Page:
2012-12-19 19:15:42+0000

    I have been asked, with my professional background in racing, to answer a few questions about racing. What seem to be simple answers at first glance soon turn in to a whole universe of possibilities!

    Why Race?

    First off the easy one... What is the goal of racing? Why race? To win! is the quick answer but to look deeper into why we race, we need to look at a brief history of racing.

    A long time ago, I imagine the first racing occurred when homosapiens raced back to the cave to escape being eaten by monsters of unusual size. Whoever won, lived. Ya!

    Then, once our ancestors began using animals as transport, a new era in racing took off and with it, a need to make bets. Ouch.

    Once we harnessed the power of the first machines, well then an even newer era of racing was born! One manufacturer raced their machines against the other to see whose machine was the fastest and the best. And so the adage ‘Win on Sunday, sell on Monday’ became real. This machine power race got us to where we are today and because the weight of racing bikes keeps going down, speed keeps going up and so technology extends our reach for greater speed with every iteration.

    But why do we race as a people? Why must we be in constant state of battle to be first? Could it be because the feeling of number one, even for a fleeting moment is exhilarating? Then, zoom someone faster comes along and the race starts all over again! Ego is an incredible must for racers. It’s an element we see in all racers, even the ones that try to hide it. Ego drives you to race and it drives you to win.

    We all want to win, we all want to be first! What’s more, when we manage to finish just a little bit better with each race the ego is fed like there’s no tomorrow. With that, add in a large rush of adrenalin and your set for life; or so it feels like.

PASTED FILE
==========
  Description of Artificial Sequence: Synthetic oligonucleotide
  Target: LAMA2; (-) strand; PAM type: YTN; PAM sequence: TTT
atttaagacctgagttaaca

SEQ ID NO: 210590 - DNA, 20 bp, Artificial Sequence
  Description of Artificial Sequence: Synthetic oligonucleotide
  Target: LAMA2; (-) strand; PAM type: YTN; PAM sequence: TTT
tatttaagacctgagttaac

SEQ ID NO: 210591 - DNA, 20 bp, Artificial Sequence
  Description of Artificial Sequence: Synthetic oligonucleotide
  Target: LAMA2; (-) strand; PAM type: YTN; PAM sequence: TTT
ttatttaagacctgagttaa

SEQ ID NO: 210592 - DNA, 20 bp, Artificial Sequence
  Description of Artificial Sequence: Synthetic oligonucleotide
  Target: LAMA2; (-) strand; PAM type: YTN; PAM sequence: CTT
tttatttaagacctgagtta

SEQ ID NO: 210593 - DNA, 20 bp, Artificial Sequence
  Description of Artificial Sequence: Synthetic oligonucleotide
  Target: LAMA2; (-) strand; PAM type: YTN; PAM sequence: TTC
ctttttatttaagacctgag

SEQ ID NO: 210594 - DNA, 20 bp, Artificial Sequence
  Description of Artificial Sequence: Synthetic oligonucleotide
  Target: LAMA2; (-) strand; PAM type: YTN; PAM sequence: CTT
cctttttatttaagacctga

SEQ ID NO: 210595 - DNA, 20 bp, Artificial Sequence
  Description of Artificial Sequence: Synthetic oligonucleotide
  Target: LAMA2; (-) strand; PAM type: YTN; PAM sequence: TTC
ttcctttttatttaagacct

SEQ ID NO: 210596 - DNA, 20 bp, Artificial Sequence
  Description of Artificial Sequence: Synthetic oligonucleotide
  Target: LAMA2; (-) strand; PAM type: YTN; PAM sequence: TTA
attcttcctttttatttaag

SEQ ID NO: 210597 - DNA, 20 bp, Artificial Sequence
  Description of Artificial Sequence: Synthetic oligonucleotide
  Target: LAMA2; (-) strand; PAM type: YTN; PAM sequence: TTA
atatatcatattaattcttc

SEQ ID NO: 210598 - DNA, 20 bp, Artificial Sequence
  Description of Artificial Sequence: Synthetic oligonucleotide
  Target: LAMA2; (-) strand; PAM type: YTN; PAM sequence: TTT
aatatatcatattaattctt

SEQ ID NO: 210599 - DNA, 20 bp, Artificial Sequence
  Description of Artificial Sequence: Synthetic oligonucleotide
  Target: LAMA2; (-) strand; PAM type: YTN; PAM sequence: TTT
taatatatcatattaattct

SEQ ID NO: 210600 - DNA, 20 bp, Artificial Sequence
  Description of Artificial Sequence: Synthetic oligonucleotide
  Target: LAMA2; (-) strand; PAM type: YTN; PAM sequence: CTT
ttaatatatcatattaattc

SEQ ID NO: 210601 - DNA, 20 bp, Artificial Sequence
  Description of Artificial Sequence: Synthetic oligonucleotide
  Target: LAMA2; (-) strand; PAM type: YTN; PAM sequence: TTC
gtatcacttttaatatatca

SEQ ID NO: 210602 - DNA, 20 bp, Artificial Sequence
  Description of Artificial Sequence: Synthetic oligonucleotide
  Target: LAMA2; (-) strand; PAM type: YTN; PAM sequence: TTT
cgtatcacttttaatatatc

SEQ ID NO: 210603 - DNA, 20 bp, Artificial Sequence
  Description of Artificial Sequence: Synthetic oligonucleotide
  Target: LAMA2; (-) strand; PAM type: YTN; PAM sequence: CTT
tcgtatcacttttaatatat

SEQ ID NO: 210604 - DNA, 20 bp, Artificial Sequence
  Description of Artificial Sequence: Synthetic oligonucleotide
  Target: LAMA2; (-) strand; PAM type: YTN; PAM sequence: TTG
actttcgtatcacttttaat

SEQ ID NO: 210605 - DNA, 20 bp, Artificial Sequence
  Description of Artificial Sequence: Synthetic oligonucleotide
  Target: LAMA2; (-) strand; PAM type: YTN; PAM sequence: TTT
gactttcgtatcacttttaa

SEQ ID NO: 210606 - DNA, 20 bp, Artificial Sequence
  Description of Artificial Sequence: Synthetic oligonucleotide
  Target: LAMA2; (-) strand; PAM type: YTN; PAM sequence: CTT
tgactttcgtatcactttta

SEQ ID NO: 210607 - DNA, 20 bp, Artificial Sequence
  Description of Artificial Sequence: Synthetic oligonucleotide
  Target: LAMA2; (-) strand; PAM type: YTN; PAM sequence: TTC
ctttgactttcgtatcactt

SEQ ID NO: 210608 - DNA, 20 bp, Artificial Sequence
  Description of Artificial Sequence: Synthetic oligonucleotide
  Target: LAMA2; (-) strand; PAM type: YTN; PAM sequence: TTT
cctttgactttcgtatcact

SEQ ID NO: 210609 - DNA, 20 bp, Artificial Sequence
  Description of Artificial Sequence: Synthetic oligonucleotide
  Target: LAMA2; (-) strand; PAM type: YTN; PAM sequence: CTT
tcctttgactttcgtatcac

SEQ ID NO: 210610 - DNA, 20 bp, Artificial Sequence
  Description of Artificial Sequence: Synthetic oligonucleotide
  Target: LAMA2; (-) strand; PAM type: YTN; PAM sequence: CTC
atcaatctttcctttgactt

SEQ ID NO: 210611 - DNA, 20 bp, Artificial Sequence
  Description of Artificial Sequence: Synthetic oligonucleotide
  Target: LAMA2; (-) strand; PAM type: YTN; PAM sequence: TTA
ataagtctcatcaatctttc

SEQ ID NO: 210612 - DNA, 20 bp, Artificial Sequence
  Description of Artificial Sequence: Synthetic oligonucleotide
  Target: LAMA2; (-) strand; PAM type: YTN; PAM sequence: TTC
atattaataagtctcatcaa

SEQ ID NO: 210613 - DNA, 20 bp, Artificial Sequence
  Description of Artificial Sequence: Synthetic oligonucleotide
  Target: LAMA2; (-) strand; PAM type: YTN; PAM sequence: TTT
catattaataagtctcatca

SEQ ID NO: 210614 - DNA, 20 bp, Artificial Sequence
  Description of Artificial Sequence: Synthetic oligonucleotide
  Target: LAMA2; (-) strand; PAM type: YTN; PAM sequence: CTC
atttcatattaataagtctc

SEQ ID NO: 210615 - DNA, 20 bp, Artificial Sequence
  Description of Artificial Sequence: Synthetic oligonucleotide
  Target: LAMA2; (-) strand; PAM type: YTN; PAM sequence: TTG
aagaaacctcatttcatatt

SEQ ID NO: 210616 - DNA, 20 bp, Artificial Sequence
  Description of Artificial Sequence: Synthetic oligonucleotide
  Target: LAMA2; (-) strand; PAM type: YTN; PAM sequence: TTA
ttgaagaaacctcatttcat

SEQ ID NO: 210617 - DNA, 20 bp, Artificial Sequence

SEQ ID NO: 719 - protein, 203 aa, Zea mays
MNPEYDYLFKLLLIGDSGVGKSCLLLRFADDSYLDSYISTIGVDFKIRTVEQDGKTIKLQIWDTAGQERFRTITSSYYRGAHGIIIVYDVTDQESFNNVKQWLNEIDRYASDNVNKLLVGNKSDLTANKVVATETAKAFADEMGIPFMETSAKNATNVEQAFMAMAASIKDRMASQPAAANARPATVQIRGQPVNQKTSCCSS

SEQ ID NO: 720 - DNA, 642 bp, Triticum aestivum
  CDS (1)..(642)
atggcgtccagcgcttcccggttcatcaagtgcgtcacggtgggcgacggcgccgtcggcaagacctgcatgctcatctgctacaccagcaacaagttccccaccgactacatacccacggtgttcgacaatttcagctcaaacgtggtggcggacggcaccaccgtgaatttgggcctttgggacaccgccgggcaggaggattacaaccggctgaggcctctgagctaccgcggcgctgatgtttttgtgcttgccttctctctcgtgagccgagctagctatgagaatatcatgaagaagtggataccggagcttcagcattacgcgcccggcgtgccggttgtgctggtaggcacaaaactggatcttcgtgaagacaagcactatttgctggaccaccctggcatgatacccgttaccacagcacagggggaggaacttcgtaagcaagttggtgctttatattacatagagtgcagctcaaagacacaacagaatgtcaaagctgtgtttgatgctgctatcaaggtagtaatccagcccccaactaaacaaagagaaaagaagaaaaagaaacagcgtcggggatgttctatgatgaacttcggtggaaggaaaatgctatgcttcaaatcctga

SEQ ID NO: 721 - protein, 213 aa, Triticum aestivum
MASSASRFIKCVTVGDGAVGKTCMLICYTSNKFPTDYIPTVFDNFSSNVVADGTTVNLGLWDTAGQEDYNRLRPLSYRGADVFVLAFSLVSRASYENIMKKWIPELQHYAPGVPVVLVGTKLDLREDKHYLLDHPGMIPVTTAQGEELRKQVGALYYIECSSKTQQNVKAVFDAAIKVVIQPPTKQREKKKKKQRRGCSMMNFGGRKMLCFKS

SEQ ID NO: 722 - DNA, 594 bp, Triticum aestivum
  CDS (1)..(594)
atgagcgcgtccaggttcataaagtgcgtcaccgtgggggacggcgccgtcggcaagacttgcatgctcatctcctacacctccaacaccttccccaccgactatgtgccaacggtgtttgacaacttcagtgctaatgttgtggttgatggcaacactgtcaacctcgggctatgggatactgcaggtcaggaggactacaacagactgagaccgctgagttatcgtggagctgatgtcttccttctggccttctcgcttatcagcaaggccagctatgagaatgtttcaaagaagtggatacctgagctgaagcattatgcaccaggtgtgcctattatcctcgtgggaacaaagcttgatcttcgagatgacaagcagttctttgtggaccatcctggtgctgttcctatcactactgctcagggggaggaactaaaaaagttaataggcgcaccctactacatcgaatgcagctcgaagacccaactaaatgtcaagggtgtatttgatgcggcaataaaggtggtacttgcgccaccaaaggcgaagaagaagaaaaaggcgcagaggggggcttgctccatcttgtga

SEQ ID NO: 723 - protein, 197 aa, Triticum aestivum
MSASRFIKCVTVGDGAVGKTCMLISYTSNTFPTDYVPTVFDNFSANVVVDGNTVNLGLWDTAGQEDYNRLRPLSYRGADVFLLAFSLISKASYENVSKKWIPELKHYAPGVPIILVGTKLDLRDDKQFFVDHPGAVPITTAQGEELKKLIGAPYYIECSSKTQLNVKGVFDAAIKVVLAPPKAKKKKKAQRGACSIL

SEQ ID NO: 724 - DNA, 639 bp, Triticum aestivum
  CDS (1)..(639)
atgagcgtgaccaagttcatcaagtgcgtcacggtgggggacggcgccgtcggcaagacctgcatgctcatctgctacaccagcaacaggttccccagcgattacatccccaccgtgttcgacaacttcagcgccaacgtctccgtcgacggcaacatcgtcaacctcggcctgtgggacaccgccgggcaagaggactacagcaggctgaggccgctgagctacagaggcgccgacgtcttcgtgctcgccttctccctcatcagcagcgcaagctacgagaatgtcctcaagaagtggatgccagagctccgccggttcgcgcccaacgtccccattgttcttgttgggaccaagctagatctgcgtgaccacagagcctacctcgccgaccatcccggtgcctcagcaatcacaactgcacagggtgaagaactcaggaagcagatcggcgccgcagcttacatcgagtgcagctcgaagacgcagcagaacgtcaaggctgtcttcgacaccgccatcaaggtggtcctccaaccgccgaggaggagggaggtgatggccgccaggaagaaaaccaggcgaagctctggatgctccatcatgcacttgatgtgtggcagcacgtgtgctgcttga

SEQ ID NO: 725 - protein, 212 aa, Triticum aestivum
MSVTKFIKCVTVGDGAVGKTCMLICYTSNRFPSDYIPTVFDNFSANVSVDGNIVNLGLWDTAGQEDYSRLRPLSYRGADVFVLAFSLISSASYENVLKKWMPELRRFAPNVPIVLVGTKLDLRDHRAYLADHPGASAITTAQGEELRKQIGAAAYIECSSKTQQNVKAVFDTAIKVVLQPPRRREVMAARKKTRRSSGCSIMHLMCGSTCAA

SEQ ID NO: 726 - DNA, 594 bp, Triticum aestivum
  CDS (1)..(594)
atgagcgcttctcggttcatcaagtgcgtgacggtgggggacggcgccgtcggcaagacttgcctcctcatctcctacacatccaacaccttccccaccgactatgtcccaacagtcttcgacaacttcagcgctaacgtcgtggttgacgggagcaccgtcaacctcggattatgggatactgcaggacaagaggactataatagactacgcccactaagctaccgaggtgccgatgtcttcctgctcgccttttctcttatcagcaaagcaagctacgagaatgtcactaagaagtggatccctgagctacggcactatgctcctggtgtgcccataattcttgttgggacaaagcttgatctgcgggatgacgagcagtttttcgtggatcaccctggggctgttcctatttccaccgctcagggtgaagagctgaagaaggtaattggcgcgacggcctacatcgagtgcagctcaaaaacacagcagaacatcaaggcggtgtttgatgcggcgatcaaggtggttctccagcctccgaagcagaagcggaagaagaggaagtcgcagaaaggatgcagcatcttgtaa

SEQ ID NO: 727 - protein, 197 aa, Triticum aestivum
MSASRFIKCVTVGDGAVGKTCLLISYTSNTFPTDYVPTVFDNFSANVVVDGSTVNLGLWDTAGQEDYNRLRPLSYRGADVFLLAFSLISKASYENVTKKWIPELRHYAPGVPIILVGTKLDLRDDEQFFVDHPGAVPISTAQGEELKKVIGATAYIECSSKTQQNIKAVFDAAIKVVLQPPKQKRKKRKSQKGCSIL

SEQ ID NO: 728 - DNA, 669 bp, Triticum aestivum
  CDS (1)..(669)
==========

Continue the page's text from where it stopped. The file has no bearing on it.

So the main reason we race for ourselves is the feeling we get from it!

    It’s impossible to describe the racing “rush” to a non-racer. But over the years that I’ve raced, I’ve learned that the feeling is also about control. Working with the machine, using all it’s got, and being in total sink with the motorcycle, means a great day! Now, if you can beat the racer in front of you, doing the same thing, feeling the same way, well then you’re on top of the world! Even if it's just at Sharonville! Shannonville Motorsport Race Track

    To race or not to race comes to most people in a moment of questioning or revelation. I can tell you the exact second it happened for me. Mine was a revelation; my ego jumped right out of my skin within the first week of owning a road bike! I saw a video playing at a dealership. It was the 1986 Match Races (a springboard to the GP scene) from England and a very young brand new Kevin Schwantz was doing things on a motorcycle that looked amazing! The thought of motorcycle racing entered my head and I blurted out loud: “I COULD DO THAT!” And so it began.

    3 Comments
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    • alex
    • 2012-12-20T08:43:00+00:00

    It's true - the feeling of being on the track and nailing a corner is immensely rewarding. And it's a feeling that continues to give as once you think you've nailed a corner, someone will always come flying past you, and you realize you can do it better, and so you try, try, try again, always to get faster.

     

    LOL True! There are different levels of adrenaline for everyone. I'm sure mine was pumping but I only really felt it after I crossed the finish line. I guess then I was freed up enough to feel it! .. And after talking about it it would come back as well.. Hours later around a fire or in a camper over a beer.

     
    • Kman
    • 2012-12-19T20:43:22+00:00

    I'm not an overly competitive person by nature, but there's something about getting geared up and on the track that brings out a real adrenaline beast in me